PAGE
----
Published April 05, 2012
It’s often said that the rich have the world at their fingertips.
When it comes to shopping, however, it seems they prefer to use their legs.
Sixty percent of wealthy smartphone owners say they rarely or never shop on their mobile phones, according to a new survey released by independent research firm The Luxury Institute. The survey polled individuals who earn $150,000 or more a year and reported an average net worth of $2.8 million.
While the respondents cited several reasons for not indulging in mobile shopping, the biggest reason by far was a preference for the in-store shopping experience. Fifty-one percent said they prefer to touch and feel the products they’re buying than swipe through products on their smartphones.
“They love the in-store experience; some even see it as entertainment,” says Milton Pedraza, CEO of the Luxury Institute.
Twenty-nine percent of respondents cited privacy and security concerns as their main reason for not shopping on their smartphones, while 22% said they prefer shopping on devices with larger screens, such as their computers or iPads. Eleven percent said they don’t know how to shop on their phone and another 7% said the process seems complicated. Only 5% said that the brands they favor don’t offer options for mobile shopping.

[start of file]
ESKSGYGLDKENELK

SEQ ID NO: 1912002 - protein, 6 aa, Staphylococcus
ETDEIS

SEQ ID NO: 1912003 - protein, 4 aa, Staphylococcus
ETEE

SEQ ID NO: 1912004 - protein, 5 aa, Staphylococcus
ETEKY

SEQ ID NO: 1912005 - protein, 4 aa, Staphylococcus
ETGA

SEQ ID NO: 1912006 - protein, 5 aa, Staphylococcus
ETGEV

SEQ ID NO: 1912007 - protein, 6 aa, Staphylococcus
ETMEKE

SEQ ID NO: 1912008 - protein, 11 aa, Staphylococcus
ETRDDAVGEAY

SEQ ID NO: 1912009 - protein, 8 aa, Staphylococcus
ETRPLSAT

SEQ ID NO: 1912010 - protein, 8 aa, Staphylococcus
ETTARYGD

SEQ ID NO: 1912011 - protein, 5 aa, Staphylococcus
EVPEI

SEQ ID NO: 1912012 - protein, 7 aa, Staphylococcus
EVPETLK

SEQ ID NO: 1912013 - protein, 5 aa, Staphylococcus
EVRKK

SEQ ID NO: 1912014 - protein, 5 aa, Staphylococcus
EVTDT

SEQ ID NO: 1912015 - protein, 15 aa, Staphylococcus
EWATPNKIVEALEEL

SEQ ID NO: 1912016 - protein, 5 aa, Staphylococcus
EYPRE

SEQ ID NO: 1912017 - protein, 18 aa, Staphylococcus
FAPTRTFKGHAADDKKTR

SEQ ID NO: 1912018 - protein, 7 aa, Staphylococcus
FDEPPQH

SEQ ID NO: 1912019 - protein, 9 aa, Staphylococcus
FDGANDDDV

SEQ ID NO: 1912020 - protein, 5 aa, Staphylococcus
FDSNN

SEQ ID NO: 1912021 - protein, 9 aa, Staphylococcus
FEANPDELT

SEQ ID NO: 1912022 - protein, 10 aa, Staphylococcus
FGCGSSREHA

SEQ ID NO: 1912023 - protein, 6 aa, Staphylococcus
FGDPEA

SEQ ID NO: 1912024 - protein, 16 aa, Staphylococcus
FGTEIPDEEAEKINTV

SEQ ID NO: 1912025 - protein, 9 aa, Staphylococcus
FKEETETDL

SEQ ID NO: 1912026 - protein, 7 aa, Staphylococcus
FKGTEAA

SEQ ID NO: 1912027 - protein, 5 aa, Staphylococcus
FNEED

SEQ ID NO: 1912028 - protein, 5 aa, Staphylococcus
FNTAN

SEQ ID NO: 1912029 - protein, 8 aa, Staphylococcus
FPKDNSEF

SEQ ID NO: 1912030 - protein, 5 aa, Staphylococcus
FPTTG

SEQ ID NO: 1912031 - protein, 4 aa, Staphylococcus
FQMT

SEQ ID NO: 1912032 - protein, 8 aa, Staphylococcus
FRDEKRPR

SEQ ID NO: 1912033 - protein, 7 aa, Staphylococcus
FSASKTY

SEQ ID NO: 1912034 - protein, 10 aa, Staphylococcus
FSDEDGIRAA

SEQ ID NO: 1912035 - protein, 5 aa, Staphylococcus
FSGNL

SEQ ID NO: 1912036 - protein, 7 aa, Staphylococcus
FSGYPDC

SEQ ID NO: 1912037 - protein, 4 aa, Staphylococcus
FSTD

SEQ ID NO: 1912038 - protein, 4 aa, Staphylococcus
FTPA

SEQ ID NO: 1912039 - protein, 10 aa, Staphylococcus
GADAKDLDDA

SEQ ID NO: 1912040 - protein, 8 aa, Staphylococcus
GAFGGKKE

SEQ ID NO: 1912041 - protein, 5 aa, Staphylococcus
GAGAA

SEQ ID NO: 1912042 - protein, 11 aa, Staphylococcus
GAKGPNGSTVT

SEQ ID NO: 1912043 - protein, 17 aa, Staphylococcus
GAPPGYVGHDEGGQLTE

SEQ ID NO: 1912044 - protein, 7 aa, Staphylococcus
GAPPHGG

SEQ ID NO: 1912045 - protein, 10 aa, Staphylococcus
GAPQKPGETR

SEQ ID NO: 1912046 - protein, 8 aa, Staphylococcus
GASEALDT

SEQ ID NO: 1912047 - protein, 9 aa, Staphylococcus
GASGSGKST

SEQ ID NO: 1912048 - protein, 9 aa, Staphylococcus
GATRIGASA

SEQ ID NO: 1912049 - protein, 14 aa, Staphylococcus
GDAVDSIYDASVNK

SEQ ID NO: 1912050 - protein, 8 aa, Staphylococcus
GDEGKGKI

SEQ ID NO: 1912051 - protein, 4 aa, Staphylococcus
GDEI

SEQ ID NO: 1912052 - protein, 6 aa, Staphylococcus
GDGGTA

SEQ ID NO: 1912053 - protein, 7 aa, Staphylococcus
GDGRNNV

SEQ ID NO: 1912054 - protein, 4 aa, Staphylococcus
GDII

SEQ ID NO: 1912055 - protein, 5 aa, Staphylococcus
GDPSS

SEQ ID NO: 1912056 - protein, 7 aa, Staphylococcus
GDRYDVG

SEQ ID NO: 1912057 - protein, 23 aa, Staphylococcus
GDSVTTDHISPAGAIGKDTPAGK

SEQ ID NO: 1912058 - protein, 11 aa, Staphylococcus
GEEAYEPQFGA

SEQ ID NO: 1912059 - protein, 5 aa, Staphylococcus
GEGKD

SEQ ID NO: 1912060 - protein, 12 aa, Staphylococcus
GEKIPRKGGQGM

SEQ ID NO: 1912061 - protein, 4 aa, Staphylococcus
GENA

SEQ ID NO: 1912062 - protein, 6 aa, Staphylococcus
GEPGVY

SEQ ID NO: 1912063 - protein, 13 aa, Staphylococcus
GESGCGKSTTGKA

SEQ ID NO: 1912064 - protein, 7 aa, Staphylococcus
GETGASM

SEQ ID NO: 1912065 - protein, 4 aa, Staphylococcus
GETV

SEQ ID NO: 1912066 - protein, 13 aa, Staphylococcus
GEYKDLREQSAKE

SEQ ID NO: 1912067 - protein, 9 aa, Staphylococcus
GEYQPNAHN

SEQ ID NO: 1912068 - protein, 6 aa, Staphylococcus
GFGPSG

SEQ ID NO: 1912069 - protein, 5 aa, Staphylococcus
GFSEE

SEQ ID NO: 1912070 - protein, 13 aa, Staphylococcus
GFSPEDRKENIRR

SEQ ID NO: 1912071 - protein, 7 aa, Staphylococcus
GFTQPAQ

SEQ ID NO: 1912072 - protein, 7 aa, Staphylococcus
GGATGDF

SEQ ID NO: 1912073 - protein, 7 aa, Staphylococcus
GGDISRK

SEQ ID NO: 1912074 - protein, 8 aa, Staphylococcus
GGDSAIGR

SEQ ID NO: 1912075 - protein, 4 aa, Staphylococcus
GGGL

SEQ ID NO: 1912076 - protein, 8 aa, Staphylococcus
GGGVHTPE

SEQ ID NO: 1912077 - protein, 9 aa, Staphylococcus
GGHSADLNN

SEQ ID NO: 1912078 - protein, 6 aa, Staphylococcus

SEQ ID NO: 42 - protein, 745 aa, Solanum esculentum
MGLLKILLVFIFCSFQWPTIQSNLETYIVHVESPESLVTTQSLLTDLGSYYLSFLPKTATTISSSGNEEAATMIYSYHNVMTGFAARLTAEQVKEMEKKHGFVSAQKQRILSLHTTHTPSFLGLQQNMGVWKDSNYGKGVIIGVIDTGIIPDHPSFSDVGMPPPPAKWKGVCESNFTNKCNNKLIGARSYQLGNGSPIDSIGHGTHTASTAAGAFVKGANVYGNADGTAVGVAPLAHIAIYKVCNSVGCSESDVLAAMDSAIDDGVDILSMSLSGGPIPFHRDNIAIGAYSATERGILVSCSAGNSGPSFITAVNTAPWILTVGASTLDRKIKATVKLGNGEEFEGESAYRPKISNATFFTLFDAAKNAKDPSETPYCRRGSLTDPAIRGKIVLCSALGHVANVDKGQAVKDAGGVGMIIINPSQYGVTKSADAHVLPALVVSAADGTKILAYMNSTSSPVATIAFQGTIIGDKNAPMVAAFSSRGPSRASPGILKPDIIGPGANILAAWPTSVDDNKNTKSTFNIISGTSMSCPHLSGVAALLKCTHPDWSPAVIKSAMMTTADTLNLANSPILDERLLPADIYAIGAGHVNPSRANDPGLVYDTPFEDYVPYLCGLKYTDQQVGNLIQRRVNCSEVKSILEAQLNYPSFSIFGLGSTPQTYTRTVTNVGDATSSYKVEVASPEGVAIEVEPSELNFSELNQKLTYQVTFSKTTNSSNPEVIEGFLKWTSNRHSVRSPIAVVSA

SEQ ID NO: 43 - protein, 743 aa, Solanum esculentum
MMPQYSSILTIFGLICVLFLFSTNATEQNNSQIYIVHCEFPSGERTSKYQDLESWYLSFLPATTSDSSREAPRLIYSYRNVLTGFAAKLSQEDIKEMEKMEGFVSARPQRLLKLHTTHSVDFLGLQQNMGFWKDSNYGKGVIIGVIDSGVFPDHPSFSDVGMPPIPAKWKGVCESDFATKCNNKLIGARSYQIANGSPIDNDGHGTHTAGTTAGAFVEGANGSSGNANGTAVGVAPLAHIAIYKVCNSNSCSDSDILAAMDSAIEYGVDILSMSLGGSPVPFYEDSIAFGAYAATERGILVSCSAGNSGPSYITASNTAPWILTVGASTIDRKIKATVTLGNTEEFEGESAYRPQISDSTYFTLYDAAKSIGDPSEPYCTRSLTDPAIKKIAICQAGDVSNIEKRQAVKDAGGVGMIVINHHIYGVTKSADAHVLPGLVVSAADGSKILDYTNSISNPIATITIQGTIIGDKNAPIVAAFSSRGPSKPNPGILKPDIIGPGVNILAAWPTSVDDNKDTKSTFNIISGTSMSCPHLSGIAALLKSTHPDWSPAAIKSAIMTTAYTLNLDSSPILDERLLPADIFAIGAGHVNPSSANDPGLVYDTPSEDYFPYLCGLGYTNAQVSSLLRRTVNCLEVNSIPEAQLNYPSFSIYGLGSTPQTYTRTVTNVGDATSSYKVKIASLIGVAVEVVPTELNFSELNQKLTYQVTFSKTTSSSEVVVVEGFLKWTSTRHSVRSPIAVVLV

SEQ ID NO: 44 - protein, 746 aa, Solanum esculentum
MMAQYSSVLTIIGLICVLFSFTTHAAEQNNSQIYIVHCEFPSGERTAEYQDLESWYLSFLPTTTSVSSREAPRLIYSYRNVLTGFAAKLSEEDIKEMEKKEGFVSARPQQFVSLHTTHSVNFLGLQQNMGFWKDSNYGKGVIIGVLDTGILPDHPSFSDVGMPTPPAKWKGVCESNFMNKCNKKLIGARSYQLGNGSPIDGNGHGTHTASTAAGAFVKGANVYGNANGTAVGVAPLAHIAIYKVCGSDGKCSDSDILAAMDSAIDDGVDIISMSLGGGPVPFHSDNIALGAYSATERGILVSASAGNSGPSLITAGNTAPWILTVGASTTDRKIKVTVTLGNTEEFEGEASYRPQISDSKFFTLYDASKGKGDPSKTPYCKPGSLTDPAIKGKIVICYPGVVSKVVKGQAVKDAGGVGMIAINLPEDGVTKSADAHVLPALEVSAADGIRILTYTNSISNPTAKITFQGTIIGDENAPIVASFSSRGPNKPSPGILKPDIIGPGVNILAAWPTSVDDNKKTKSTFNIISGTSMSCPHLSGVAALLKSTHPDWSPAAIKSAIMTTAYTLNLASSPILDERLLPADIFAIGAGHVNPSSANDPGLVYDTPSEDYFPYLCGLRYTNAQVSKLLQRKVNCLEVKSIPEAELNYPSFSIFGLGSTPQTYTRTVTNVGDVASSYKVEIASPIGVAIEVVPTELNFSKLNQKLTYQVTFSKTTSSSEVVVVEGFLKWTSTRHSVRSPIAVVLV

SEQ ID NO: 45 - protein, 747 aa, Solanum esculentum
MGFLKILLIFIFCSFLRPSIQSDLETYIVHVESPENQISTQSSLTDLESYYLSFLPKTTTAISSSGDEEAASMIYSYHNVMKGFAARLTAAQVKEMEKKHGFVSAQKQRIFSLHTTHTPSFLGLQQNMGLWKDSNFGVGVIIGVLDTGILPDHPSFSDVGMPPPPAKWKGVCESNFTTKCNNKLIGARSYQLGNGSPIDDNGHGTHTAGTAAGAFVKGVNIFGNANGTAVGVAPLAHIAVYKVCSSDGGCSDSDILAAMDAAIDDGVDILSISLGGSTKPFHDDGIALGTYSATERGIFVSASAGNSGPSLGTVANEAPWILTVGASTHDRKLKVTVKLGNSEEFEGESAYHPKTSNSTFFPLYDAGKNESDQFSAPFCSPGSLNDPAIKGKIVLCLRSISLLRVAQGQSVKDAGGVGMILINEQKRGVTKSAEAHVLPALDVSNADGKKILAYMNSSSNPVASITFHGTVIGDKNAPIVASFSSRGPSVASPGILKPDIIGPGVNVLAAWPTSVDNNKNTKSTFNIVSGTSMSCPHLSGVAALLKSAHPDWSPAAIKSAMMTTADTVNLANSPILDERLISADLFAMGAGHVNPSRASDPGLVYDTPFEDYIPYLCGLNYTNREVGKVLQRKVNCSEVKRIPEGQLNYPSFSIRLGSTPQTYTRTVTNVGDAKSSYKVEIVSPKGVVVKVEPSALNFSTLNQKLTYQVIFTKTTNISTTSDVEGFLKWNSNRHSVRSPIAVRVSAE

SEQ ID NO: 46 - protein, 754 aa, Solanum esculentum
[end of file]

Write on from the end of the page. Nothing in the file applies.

While the majority of wealthy consumers aren’t keen on using their mobile phones to shop, 40% of them do so frequently. Fourteen percent of respondents said they make purchases from their phone “regularly” and 26% said they do so “occasionally.”
As true luxury customers, it’s not surprising that those who shop on their phones are spending quite a bit of money. One out of every four wealthy individuals who shopped from their phones – even those who shopped “rarely” – made purchases totaling $1,000 or more over the last 12 months. The majority of respondents (34%) spent somewhere between $100 and $499. Tickets to events (sporting events, concerts, etc.) represented the biggest portion of mobile purchases, followed by gift cards, food and personal electronics.
Perhaps one of the most interesting findings in the survey is that, when it comes to mobile entertainment, the wealthy aren’t any more sophisticated than today’s bored, broke teens. The study found that Facebook, Angry Birds and Words With Friends are their apps of choice. (Alec Baldwin could have told us that!)
“I guess they’re just as human as the rest of us,” says Pedraza.